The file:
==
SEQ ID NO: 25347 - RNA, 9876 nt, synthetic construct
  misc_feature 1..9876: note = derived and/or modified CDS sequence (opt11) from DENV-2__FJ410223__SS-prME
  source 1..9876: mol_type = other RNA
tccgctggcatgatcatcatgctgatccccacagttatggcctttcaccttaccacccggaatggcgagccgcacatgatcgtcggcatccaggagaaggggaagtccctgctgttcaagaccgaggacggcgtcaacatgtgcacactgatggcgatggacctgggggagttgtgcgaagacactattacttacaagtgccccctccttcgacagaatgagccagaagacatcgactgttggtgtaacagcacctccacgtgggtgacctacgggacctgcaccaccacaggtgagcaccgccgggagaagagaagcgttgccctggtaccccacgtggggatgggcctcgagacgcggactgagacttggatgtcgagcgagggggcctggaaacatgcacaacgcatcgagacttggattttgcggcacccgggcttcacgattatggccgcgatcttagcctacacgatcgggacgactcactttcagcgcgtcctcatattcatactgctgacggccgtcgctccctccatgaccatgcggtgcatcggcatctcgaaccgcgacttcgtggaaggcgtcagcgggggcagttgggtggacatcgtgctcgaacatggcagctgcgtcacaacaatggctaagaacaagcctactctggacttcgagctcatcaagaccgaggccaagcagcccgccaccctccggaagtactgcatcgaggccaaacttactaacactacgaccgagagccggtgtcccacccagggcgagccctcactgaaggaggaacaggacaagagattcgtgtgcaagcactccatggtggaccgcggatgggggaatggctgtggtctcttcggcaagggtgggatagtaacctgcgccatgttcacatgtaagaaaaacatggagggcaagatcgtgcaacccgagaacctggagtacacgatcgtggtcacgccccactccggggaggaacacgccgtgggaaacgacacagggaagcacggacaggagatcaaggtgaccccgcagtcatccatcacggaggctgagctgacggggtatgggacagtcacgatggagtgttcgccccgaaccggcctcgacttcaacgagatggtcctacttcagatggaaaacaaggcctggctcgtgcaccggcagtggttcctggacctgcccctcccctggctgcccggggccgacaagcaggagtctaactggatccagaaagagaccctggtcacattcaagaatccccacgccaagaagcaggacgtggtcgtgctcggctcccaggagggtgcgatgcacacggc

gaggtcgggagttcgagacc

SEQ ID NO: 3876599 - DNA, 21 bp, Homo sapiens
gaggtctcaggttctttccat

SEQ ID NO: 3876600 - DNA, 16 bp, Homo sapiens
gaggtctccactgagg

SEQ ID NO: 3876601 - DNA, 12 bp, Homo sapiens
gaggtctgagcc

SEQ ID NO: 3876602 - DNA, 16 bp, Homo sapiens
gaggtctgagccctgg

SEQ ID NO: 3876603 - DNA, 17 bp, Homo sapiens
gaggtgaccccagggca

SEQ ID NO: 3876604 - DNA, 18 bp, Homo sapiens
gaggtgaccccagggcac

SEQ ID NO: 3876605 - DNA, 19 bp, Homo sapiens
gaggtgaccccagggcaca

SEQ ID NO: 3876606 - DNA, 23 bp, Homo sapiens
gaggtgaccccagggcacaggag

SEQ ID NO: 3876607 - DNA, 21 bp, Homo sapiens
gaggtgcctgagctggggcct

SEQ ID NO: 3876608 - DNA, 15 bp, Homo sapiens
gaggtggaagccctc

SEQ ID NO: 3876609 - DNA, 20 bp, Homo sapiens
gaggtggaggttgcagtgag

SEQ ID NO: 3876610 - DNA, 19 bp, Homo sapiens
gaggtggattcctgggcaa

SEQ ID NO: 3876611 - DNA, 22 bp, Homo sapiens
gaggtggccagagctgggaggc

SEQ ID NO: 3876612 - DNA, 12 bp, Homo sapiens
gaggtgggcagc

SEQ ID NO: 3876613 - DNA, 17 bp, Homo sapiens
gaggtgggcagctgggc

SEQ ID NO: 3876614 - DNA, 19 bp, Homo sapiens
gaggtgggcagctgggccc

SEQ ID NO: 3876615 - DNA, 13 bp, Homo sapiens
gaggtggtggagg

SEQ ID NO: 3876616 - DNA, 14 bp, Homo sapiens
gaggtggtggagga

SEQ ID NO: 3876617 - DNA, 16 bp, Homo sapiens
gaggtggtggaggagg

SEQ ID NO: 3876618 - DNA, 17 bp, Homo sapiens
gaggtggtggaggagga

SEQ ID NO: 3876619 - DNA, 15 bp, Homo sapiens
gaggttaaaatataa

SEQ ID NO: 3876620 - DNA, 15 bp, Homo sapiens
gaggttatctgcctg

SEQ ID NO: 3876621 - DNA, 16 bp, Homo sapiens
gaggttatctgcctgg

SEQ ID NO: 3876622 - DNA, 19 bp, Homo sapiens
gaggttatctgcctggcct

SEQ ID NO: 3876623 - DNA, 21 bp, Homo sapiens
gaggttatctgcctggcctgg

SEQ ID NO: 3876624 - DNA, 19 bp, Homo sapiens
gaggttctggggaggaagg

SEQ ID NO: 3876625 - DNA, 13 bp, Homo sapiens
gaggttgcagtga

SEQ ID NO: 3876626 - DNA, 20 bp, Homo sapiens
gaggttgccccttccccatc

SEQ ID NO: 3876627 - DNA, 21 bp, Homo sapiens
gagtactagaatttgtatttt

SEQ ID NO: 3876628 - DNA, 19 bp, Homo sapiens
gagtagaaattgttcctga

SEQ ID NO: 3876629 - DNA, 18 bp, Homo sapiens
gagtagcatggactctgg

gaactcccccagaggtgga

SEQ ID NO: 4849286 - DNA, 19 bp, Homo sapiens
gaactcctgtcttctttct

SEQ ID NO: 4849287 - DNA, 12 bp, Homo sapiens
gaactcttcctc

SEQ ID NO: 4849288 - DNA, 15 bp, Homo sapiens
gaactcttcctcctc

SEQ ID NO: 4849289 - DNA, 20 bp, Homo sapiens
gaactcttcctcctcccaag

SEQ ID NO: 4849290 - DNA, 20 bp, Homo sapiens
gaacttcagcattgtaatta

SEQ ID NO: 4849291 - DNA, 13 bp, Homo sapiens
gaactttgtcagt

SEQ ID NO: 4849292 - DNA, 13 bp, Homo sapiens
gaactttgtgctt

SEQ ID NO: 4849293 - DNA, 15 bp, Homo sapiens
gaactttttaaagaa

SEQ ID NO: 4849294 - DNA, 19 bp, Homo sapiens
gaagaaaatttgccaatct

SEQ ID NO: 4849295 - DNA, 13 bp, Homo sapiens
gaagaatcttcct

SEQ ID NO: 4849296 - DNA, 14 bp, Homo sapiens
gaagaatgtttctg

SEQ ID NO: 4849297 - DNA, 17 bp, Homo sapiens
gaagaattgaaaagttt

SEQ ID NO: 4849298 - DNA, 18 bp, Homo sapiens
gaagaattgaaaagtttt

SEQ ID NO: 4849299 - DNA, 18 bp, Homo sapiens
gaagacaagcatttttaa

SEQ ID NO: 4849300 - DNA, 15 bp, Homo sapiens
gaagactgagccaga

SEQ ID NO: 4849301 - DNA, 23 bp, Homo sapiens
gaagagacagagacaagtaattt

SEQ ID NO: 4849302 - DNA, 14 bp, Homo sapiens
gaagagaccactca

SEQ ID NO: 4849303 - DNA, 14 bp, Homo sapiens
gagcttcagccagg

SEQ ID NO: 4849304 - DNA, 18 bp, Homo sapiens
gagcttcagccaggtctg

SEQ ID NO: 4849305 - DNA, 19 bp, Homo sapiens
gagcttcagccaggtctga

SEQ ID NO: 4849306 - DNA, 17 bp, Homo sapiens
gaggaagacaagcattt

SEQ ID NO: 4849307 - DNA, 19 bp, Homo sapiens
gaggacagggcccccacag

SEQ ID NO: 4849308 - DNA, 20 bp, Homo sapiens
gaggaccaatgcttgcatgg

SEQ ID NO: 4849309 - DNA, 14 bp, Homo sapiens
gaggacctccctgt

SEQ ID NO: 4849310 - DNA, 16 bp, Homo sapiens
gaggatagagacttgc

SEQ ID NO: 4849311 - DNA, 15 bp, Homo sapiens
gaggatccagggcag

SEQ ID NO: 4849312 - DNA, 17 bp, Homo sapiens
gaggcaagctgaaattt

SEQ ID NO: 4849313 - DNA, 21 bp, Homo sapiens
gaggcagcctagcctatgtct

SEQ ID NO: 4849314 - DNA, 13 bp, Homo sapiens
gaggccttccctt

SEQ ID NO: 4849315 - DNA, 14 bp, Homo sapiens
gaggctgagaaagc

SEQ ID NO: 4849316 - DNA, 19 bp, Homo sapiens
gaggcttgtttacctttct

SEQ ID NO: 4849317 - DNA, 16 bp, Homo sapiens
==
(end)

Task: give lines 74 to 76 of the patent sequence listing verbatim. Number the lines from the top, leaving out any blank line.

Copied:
gaactcttcctcctc

SEQ ID NO: 4849289 - DNA, 20 bp, Homo sapiens
gaactcttcctcctcccaag